Sisi’s mission: building on an old foundation for a new beginning

Egyptian President Abdel Fattah al-Sisi’s inauguration occurred with festivity and fanfare

Dr. Theodore Karasik
Dr. Theodore Karasik
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Yesterday, Egyptian President Abdel Fattah al-Sisi’s inauguration occurred with festivity and fanfare. All the appropriate motifs of Egyptian politics showed the world that this new government in Cairo heralds the vestiges of the old order with the attributes of the new mandate. This juxtaposition illustrates that Egypt under President Sisi is serious and will move forward with the intent to reverse the economic ills befalling Egypt. Two former presidents are in jail for crimes and the Egyptian military and the deep state are in true ascendance and control.

President Sisi’s inauguration occurred with a swearing-in ceremony with the attendance of Interim President Adly Mansour, Prime Minister Ibrahim Mehleb, the ministers, Azhar Grand Sheikh Ahmed al-Tayyeb, Egypt’s Copts’ leader Pope Tawadros II and other Egyptian notables. Following the ceremony, a reception occurred with leaders and representatives from around the world at the presidential Ettihadiya Palace. After the public holiday and the joyous celebration, Egyptian President Sisi will get to work on Egypt’s most vexing issue - reversing Egypt’s economic decline.

To be sure, Egyptian President Sisi needs to address key economic issues to include external financing, job creation and rapid building programs, just to name a few remedies to the country’s requirements. The GCC states are ready to help Sisi at any cost, including donor conferences. That cost is already up to $40 billion and there is more to come via the GCC states and from other countries who see the necessity for a stable and prosperous Egypt. Consequently, Sisi is pursuing a mix of development models from the GCC states that include a dozen economic cities, residential and commercial complexes, energy grids and pipeline expansion, the growth of tourism, and new airports. One such project by Arabtec envisions 160 million square meters across 13 sites in Egypt for lower income individuals. In theory, millions of jobs will be created combined with President Sisi’s planned economic progress.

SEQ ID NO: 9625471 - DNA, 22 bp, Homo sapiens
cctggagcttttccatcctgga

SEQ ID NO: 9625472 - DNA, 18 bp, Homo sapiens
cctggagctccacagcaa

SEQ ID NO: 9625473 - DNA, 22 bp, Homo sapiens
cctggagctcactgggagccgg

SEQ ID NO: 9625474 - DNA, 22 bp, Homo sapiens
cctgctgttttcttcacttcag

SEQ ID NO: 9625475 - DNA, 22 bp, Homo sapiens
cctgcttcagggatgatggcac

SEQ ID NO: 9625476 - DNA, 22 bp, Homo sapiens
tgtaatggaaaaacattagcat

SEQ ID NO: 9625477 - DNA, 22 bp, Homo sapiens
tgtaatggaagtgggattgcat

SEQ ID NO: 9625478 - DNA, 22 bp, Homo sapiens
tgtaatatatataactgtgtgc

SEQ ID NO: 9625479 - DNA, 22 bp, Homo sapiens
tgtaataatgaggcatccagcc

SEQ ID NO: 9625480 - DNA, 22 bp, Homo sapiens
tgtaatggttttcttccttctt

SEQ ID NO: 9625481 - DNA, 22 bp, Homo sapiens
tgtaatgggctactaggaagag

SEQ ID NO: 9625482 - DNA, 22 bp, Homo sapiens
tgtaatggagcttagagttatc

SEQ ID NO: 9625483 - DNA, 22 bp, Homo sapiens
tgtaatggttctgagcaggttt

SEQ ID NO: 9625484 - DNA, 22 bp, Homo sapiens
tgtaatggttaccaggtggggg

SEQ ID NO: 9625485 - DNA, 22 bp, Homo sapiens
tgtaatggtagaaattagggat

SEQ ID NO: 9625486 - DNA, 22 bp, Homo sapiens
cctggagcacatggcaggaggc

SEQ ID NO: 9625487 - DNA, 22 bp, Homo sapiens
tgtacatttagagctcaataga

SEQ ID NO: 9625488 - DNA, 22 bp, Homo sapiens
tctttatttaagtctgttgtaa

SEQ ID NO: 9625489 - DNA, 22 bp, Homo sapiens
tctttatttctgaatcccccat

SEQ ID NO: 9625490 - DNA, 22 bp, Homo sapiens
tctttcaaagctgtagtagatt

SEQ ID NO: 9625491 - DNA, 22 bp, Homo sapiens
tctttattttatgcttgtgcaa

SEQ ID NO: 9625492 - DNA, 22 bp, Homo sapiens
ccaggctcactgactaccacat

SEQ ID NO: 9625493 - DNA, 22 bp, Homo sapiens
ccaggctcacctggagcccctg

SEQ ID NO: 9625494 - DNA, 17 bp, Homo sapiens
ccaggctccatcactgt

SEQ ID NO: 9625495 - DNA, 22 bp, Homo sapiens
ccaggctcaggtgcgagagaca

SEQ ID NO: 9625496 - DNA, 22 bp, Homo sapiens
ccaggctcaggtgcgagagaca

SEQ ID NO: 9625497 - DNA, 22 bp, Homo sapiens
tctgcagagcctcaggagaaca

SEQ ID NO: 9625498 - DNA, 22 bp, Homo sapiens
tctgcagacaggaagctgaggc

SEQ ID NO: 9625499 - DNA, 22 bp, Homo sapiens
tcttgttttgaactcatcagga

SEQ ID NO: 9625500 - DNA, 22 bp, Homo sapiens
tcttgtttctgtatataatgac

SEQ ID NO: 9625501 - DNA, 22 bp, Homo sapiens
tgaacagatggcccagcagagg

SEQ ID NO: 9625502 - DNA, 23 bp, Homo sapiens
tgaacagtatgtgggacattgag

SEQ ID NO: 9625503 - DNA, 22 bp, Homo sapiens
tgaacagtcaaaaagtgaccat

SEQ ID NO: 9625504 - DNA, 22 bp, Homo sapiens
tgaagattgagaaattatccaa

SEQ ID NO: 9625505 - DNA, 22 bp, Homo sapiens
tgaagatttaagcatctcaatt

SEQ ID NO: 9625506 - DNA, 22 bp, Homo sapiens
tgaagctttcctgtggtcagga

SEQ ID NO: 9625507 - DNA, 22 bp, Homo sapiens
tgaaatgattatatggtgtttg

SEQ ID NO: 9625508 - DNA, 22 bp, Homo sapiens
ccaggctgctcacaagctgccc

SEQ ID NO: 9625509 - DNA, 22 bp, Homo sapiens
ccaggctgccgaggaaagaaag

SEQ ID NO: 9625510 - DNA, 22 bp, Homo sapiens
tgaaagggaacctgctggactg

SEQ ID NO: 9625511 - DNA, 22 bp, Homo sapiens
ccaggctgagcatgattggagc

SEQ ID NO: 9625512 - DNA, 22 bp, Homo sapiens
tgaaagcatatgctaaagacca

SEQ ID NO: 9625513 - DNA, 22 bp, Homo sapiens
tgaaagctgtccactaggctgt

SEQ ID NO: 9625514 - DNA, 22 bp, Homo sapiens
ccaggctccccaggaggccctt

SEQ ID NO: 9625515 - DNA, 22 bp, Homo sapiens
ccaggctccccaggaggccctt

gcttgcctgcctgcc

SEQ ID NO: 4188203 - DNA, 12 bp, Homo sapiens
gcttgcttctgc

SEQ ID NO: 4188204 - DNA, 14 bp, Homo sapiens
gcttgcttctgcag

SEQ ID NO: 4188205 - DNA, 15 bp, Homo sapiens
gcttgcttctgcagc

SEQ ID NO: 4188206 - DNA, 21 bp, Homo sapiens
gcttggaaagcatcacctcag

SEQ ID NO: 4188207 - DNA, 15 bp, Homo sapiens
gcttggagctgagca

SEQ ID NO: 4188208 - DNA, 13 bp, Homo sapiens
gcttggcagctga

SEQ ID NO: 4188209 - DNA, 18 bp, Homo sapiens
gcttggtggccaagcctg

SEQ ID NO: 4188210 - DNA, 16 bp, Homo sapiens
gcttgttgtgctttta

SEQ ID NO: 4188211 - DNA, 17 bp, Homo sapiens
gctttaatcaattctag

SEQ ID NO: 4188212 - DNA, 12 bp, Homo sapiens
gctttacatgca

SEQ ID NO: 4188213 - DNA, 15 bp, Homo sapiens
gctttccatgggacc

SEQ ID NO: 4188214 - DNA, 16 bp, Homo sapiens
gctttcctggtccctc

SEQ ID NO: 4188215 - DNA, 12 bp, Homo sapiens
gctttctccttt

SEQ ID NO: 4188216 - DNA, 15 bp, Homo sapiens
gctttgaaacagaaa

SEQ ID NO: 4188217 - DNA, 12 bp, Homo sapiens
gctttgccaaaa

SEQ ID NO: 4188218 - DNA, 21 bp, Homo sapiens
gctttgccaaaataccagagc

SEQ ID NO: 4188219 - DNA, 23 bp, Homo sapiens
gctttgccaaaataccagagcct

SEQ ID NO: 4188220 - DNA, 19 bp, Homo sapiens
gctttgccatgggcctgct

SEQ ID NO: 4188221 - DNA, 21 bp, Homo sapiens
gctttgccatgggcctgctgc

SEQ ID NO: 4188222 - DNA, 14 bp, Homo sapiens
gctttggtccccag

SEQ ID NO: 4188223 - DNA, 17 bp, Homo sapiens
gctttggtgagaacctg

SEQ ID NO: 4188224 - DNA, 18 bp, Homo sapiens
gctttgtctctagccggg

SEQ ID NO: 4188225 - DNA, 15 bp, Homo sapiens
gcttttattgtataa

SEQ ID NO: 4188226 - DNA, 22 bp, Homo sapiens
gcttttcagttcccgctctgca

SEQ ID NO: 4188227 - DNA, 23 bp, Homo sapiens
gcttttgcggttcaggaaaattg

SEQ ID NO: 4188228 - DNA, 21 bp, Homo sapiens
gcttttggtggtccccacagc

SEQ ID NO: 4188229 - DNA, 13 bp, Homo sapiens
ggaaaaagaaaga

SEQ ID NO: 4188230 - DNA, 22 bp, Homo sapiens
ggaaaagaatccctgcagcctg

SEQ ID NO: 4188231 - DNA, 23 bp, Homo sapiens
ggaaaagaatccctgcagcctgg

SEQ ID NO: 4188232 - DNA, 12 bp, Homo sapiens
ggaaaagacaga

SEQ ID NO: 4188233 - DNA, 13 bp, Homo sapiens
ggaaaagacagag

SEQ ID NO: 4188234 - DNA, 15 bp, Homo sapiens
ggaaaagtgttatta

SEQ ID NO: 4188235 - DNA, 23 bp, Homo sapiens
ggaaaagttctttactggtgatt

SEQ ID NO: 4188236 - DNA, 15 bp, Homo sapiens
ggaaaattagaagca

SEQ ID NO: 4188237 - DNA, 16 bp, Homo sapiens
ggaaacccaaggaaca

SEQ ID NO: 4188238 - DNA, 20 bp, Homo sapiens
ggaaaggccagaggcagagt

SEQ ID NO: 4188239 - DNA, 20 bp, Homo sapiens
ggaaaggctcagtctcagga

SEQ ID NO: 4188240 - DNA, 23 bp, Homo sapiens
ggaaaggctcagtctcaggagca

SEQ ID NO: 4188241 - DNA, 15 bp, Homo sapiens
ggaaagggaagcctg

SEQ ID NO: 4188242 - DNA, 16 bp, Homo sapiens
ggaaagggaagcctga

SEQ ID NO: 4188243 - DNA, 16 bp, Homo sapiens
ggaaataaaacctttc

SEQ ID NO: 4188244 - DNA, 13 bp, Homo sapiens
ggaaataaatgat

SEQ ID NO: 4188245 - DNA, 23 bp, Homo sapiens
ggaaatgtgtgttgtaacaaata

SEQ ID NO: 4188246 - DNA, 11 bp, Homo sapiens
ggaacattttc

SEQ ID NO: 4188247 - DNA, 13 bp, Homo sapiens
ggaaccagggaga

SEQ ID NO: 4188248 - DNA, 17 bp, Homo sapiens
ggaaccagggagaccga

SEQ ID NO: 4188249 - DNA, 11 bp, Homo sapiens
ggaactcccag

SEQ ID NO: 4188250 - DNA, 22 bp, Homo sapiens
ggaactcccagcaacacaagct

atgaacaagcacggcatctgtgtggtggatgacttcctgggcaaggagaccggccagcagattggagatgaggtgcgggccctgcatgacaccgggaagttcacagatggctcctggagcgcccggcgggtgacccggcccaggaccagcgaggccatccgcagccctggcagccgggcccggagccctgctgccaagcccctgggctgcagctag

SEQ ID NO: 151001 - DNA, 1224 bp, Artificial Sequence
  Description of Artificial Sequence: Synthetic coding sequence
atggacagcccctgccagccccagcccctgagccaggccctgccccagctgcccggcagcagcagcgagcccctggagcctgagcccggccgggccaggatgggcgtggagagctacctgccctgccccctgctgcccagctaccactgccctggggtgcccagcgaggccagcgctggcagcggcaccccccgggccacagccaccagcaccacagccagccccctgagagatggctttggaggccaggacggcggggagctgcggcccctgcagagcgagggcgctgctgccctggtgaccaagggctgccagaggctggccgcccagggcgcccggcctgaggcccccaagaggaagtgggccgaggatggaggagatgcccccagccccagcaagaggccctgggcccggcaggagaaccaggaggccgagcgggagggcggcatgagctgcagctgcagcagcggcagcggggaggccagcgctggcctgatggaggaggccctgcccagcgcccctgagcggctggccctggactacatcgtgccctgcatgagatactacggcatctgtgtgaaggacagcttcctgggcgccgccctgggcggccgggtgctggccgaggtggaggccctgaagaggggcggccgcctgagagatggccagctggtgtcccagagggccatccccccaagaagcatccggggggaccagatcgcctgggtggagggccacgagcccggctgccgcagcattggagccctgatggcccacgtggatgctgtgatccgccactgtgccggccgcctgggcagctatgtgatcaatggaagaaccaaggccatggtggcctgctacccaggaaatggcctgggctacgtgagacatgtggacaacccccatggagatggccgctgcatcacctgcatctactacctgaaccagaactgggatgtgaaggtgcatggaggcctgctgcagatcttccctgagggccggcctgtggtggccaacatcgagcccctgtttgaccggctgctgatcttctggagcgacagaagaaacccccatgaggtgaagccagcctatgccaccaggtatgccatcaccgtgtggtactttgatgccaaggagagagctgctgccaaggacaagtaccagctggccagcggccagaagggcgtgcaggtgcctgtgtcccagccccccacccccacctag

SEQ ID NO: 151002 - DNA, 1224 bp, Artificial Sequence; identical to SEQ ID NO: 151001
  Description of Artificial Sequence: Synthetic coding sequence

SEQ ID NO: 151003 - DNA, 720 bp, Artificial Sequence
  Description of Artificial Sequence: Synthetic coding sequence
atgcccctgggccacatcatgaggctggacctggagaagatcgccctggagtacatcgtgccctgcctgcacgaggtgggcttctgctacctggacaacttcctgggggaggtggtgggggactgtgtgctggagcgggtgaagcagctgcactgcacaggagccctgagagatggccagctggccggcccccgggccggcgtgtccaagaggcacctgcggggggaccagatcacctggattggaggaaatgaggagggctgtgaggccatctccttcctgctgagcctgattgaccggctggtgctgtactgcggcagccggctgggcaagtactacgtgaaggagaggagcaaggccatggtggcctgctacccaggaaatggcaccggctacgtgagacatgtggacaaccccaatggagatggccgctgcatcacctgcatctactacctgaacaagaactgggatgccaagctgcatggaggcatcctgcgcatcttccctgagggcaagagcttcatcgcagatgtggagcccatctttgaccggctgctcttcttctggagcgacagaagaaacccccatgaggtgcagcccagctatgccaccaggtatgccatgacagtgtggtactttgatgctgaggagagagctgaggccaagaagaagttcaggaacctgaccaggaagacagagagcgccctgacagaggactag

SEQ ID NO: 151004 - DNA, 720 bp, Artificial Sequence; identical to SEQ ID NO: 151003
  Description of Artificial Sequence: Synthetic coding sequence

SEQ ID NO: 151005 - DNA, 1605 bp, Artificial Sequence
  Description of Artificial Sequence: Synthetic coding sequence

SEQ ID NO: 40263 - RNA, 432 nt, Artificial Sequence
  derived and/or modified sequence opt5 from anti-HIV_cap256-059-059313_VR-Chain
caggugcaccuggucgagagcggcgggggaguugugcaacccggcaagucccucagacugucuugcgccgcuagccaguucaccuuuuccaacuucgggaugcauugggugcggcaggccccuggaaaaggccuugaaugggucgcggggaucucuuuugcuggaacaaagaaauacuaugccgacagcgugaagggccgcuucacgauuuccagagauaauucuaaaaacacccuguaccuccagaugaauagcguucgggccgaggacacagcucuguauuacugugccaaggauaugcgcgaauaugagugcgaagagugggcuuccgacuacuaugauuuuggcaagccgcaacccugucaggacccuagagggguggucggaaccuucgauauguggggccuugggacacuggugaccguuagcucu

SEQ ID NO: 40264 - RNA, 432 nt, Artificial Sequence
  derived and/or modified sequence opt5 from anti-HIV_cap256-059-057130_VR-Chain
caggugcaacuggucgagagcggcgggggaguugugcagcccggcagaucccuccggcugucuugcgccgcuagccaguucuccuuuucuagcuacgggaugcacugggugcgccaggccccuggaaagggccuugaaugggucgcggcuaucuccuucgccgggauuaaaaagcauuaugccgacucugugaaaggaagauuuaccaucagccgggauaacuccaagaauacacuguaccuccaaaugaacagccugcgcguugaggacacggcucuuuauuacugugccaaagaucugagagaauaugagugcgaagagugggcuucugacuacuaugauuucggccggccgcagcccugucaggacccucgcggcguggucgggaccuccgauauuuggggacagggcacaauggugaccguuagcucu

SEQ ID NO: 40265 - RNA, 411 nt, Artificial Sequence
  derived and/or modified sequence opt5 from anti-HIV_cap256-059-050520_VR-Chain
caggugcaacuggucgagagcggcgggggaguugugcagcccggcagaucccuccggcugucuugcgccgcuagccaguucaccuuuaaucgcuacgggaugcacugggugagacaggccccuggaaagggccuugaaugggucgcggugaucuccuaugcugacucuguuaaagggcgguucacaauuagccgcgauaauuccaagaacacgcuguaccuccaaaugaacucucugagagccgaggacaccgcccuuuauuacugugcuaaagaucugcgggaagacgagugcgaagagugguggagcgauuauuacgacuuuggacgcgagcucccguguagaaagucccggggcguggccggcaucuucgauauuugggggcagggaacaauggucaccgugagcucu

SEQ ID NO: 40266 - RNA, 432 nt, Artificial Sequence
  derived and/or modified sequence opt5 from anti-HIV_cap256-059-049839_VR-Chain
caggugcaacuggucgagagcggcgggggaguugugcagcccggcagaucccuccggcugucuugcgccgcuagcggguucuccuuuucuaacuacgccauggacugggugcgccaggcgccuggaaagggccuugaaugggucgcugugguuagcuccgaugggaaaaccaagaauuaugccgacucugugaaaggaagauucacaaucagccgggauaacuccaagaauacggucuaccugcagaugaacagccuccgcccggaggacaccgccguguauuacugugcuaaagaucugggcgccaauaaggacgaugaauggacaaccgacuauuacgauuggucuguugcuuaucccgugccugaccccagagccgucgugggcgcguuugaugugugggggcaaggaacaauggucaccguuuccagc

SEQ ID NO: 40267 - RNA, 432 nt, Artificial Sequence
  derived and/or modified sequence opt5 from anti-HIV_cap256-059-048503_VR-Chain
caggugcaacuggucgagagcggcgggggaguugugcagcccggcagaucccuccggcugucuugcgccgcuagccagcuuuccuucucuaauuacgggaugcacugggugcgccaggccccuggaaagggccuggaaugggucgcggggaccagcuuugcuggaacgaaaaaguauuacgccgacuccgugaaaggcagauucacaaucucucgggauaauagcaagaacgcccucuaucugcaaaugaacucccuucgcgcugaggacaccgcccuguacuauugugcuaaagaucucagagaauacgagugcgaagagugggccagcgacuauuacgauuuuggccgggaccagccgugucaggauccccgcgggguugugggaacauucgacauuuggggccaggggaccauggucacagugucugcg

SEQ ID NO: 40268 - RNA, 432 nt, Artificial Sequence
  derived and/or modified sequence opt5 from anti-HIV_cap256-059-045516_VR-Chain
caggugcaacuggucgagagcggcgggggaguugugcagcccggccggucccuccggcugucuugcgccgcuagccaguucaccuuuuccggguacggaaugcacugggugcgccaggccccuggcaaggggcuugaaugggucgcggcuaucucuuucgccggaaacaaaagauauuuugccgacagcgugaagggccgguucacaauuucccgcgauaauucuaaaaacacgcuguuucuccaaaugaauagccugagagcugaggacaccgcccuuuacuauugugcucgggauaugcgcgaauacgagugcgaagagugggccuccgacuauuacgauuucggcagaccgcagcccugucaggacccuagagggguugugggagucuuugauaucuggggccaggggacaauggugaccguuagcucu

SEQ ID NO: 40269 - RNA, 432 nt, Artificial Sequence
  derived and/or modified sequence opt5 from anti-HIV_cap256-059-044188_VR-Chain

Placing a foreign template on Egypt’s foundation only creates instability, chaos and ultimately, in Egypt’s case, terrorism

Dr. Theodore Karasik

Sisi’s reliance on the Egyptian military’s vast financial holdings, properties, and construction companies forms the foundation of any new Egyptian push to boost the economy. According to other sources, the Egyptian military’s oldest commercial interests are the factories run by the Ministry of Military Production, the Arab Organization for Industrialization (AOI) and the National Service Projects Organization. The Egyptian military also supervises many companies of state-owned holding companies and owns shares in public-private ventures. These smaller operations are embedded in transnational corporations that reach into construction and maritime shipping to weapons manufacturing. In the past two years, real estate development and heavy equipment leasing, in which the military’s enormous land holdings, infrastructure and capital provide major advantages, as well as the privately owned businesses that constitute what is now known as the “officer economy.”